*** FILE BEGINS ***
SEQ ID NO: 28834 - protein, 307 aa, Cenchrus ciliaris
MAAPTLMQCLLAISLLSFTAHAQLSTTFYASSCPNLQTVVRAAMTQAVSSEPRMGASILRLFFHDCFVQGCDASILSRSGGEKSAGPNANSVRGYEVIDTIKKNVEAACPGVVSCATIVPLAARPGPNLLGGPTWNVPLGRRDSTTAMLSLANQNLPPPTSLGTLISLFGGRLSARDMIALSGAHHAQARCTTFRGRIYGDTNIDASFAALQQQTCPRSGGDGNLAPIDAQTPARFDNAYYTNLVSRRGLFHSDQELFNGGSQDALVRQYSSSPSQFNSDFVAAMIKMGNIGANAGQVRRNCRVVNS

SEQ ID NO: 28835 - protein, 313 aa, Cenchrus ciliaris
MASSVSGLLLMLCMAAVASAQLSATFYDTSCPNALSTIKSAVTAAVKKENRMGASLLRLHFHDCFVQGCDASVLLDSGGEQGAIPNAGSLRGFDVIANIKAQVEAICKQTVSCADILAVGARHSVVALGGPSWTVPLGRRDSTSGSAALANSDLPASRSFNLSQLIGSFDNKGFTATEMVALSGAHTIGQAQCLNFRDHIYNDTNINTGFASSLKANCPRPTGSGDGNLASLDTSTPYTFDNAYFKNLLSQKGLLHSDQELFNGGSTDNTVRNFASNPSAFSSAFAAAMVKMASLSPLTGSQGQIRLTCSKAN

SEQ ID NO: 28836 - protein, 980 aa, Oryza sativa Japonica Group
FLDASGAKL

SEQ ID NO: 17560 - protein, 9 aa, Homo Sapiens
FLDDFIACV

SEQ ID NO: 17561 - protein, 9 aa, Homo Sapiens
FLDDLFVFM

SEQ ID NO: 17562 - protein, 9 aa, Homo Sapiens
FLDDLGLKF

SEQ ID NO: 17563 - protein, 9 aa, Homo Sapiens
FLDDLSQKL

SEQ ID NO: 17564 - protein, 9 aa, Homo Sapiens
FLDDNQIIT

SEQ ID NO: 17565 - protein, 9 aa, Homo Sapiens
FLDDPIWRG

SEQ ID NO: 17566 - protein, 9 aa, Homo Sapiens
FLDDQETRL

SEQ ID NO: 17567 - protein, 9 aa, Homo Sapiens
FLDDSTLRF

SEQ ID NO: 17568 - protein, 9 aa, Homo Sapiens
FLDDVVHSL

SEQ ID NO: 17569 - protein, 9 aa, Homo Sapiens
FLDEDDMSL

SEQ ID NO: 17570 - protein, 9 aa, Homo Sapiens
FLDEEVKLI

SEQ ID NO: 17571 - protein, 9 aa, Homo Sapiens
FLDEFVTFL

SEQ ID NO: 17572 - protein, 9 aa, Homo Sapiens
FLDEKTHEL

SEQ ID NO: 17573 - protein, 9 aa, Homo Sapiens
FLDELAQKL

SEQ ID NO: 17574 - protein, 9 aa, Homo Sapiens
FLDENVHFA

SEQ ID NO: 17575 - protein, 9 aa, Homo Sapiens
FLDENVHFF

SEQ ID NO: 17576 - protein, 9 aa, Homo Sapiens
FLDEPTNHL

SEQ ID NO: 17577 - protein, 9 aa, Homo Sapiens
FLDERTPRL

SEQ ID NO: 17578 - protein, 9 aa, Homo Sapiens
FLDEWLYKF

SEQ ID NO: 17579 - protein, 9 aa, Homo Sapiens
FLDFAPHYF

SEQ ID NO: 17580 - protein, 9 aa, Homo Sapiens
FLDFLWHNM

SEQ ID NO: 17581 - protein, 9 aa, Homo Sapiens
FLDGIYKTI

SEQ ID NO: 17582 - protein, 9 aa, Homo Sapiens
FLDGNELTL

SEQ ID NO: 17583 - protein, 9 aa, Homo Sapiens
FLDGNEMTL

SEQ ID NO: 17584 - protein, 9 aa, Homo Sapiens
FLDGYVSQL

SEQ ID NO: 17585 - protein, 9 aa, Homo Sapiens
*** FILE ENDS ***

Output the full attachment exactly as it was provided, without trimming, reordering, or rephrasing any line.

SEQ ID NO: 28834 - protein, 307 aa, Cenchrus ciliaris
MAAPTLMQCLLAISLLSFTAHAQLSTTFYASSCPNLQTVVRAAMTQAVSSEPRMGASILRLFFHDCFVQGCDASILSRSGGEKSAGPNANSVRGYEVIDTIKKNVEAACPGVVSCATIVPLAARPGPNLLGGPTWNVPLGRRDSTTAMLSLANQNLPPPTSLGTLISLFGGRLSARDMIALSGAHHAQARCTTFRGRIYGDTNIDASFAALQQQTCPRSGGDGNLAPIDAQTPARFDNAYYTNLVSRRGLFHSDQELFNGGSQDALVRQYSSSPSQFNSDFVAAMIKMGNIGANAGQVRRNCRVVNS

SEQ ID NO: 28835 - protein, 313 aa, Cenchrus ciliaris
MASSVSGLLLMLCMAAVASAQLSATFYDTSCPNALSTIKSAVTAAVKKENRMGASLLRLHFHDCFVQGCDASVLLDSGGEQGAIPNAGSLRGFDVIANIKAQVEAICKQTVSCADILAVGARHSVVALGGPSWTVPLGRRDSTSGSAALANSDLPASRSFNLSQLIGSFDNKGFTATEMVALSGAHTIGQAQCLNFRDHIYNDTNINTGFASSLKANCPRPTGSGDGNLASLDTSTPYTFDNAYFKNLLSQKGLLHSDQELFNGGSTDNTVRNFASNPSAFSSAFAAAMVKMASLSPLTGSQGQIRLTCSKAN

SEQ ID NO: 28836 - protein, 980 aa, Oryza sativa Japonica Group
FLDASGAKL

SEQ ID NO: 17560 - protein, 9 aa, Homo Sapiens
FLDDFIACV

SEQ ID NO: 17561 - protein, 9 aa, Homo Sapiens
FLDDLFVFM

SEQ ID NO: 17562 - protein, 9 aa, Homo Sapiens
FLDDLGLKF

SEQ ID NO: 17563 - protein, 9 aa, Homo Sapiens
FLDDLSQKL

SEQ ID NO: 17564 - protein, 9 aa, Homo Sapiens
FLDDNQIIT

SEQ ID NO: 17565 - protein, 9 aa, Homo Sapiens
FLDDPIWRG

SEQ ID NO: 17566 - protein, 9 aa, Homo Sapiens
FLDDQETRL

SEQ ID NO: 17567 - protein, 9 aa, Homo Sapiens
FLDDSTLRF

SEQ ID NO: 17568 - protein, 9 aa, Homo Sapiens
FLDDVVHSL

SEQ ID NO: 17569 - protein, 9 aa, Homo Sapiens
FLDEDDMSL

SEQ ID NO: 17570 - protein, 9 aa, Homo Sapiens
FLDEEVKLI

SEQ ID NO: 17571 - protein, 9 aa, Homo Sapiens
FLDEFVTFL

SEQ ID NO: 17572 - protein, 9 aa, Homo Sapiens
FLDEKTHEL

SEQ ID NO: 17573 - protein, 9 aa, Homo Sapiens
FLDELAQKL

SEQ ID NO: 17574 - protein, 9 aa, Homo Sapiens
FLDENVHFA

SEQ ID NO: 17575 - protein, 9 aa, Homo Sapiens
FLDENVHFF

SEQ ID NO: 17576 - protein, 9 aa, Homo Sapiens
FLDEPTNHL

SEQ ID NO: 17577 - protein, 9 aa, Homo Sapiens
FLDERTPRL

SEQ ID NO: 17578 - protein, 9 aa, Homo Sapiens
FLDEWLYKF

SEQ ID NO: 17579 - protein, 9 aa, Homo Sapiens
FLDFAPHYF

SEQ ID NO: 17580 - protein, 9 aa, Homo Sapiens
FLDFLWHNM

SEQ ID NO: 17581 - protein, 9 aa, Homo Sapiens
FLDGIYKTI

SEQ ID NO: 17582 - protein, 9 aa, Homo Sapiens
FLDGNELTL

SEQ ID NO: 17583 - protein, 9 aa, Homo Sapiens
FLDGNEMTL

SEQ ID NO: 17584 - protein, 9 aa, Homo Sapiens
FLDGYVSQL

SEQ ID NO: 17585 - protein, 9 aa, Homo Sapiens